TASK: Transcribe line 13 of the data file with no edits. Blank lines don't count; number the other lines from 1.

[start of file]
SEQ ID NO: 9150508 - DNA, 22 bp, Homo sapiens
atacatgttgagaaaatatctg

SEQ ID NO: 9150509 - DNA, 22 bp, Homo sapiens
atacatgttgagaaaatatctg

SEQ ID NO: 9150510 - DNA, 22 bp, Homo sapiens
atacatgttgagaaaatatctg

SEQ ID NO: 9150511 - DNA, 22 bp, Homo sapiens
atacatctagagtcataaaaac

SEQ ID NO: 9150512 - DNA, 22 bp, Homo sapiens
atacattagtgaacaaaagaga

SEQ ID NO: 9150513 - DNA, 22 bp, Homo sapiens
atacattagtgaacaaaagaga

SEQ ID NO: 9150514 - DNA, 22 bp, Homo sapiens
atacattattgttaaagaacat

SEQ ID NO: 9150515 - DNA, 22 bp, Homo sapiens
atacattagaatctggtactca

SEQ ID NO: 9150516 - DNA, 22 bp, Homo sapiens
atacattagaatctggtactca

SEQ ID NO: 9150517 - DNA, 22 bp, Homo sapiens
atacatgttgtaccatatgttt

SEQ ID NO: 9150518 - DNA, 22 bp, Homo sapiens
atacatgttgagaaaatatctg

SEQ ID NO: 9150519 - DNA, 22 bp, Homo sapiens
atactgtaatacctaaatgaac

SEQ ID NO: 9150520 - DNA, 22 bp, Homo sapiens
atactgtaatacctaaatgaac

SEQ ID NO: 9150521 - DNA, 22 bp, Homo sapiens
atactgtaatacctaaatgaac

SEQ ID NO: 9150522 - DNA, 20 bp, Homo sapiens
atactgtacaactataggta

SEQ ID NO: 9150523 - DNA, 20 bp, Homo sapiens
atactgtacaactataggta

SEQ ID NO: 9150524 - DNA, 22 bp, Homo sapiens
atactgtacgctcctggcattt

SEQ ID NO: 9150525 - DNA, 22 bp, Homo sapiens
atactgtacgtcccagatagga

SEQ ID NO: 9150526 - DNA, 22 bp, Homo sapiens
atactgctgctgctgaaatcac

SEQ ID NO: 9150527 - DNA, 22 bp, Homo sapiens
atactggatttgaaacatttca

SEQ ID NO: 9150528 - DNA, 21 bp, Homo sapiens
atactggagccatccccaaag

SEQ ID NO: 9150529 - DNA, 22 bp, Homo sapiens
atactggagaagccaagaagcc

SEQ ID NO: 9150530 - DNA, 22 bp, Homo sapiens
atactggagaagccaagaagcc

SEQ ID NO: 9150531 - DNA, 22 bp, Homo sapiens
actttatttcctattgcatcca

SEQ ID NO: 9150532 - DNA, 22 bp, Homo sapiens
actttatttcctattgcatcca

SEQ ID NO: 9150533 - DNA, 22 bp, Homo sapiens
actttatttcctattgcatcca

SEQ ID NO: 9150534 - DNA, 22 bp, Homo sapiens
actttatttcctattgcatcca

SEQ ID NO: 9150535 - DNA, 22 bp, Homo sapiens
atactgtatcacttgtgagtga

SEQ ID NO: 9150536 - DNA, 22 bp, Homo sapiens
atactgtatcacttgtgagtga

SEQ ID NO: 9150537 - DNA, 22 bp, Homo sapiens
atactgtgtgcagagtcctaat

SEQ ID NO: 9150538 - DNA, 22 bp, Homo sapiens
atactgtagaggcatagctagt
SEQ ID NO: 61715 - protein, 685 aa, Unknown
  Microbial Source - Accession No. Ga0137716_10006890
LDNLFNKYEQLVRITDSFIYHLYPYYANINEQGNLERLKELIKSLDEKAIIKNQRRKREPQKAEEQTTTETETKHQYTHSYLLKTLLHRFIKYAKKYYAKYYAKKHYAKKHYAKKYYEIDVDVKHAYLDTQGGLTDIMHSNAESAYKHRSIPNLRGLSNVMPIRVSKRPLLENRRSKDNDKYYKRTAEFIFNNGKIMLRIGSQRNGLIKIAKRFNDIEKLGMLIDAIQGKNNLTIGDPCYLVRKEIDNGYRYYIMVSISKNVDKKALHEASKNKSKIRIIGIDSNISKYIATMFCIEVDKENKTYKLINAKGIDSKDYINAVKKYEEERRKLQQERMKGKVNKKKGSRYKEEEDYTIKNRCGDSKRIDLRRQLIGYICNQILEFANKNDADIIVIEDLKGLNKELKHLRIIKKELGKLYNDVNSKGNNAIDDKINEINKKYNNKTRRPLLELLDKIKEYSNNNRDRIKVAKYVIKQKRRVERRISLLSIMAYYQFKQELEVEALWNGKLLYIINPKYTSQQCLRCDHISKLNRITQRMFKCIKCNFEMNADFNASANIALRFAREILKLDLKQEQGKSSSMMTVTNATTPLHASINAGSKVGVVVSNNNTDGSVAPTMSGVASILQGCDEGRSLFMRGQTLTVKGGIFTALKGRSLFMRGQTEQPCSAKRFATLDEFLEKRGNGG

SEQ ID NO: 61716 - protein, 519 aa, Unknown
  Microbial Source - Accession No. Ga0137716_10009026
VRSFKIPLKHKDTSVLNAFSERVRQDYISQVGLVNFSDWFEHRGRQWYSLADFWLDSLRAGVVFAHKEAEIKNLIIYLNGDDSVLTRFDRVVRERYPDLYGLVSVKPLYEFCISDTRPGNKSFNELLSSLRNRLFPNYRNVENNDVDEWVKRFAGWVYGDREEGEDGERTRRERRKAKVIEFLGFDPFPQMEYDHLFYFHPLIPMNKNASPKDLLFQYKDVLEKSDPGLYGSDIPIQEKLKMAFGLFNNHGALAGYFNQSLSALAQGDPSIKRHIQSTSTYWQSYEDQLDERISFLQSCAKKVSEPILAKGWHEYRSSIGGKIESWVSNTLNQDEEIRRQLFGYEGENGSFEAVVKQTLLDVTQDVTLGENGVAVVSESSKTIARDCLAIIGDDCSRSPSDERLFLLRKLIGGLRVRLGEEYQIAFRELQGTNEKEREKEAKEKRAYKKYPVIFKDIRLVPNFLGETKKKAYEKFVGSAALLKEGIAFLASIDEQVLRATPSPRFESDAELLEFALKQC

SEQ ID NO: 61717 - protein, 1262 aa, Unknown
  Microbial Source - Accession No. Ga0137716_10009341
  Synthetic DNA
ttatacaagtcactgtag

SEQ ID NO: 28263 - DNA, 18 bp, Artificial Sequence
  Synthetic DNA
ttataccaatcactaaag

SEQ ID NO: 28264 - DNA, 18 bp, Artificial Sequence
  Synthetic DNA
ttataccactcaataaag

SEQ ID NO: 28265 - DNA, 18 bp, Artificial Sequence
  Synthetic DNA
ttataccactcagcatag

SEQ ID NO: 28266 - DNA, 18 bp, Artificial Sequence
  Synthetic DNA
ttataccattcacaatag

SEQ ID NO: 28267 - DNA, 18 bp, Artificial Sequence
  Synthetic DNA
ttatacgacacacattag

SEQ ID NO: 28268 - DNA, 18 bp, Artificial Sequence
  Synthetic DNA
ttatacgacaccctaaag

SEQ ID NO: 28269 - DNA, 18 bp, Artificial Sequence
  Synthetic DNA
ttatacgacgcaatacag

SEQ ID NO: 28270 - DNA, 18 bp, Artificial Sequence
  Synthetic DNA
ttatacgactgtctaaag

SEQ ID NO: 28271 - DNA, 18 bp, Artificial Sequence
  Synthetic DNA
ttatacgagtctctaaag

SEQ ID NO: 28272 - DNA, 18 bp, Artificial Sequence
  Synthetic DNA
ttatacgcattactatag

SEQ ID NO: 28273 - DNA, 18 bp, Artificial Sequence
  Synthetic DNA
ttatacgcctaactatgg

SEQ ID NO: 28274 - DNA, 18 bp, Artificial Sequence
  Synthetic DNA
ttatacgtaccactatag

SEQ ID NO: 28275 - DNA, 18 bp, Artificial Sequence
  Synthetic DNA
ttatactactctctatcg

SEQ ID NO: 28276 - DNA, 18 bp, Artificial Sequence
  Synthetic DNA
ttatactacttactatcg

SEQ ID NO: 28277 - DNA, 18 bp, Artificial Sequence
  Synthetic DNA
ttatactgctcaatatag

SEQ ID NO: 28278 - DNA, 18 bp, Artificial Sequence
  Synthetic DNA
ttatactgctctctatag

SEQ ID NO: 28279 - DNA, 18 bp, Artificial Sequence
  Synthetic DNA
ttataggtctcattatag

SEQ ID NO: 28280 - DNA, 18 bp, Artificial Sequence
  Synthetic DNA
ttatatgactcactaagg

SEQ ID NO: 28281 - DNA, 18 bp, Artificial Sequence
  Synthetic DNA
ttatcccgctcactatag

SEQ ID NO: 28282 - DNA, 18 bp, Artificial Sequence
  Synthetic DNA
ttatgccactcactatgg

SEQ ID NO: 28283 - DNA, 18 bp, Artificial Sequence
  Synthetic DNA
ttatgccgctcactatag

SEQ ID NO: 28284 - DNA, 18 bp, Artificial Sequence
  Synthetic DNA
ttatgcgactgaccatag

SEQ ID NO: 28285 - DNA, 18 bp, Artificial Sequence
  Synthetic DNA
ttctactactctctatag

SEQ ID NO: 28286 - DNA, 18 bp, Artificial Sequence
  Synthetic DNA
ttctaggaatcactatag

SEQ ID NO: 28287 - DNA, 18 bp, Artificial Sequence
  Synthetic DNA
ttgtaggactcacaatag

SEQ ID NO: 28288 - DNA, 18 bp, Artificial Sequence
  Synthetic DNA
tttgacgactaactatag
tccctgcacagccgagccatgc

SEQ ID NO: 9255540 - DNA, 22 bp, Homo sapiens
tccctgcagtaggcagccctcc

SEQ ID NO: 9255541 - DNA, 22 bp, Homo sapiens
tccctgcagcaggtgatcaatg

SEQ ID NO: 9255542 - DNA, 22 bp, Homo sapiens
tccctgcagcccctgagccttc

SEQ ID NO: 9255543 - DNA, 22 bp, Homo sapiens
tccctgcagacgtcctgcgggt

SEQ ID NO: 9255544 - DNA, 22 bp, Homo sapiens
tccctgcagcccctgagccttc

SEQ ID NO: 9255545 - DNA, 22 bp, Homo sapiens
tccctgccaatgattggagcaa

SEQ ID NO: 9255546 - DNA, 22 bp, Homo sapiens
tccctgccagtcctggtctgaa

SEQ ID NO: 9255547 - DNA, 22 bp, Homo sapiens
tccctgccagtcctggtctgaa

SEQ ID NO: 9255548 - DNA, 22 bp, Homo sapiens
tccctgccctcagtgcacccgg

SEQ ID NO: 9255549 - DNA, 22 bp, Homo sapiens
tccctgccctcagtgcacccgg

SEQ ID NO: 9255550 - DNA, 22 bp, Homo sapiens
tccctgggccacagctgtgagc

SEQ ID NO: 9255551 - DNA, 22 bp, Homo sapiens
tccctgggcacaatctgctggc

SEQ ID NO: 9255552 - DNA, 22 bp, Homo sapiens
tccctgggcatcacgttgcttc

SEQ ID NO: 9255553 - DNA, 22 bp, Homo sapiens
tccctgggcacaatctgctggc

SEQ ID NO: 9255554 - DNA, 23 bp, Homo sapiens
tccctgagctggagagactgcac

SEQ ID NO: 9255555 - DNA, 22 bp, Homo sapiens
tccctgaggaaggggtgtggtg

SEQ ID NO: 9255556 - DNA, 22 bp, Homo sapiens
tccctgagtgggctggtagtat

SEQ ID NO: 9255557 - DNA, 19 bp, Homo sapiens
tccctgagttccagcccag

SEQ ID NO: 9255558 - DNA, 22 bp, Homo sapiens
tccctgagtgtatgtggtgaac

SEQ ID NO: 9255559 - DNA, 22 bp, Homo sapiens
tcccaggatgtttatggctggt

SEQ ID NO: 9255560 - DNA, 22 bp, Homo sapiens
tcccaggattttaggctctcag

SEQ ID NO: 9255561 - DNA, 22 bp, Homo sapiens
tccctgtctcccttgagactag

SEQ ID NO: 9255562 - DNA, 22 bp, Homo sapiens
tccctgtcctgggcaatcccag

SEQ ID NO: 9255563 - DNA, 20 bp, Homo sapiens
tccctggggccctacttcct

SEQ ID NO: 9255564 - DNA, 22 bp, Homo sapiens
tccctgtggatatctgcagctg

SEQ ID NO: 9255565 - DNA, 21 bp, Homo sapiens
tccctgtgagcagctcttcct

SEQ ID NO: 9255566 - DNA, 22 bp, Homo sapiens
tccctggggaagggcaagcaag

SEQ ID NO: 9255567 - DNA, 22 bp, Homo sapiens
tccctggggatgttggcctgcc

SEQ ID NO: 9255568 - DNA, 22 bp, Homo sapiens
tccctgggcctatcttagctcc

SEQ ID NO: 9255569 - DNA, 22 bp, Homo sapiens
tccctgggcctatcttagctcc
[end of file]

SEQ ID NO: 9150514 - DNA, 22 bp, Homo sapiens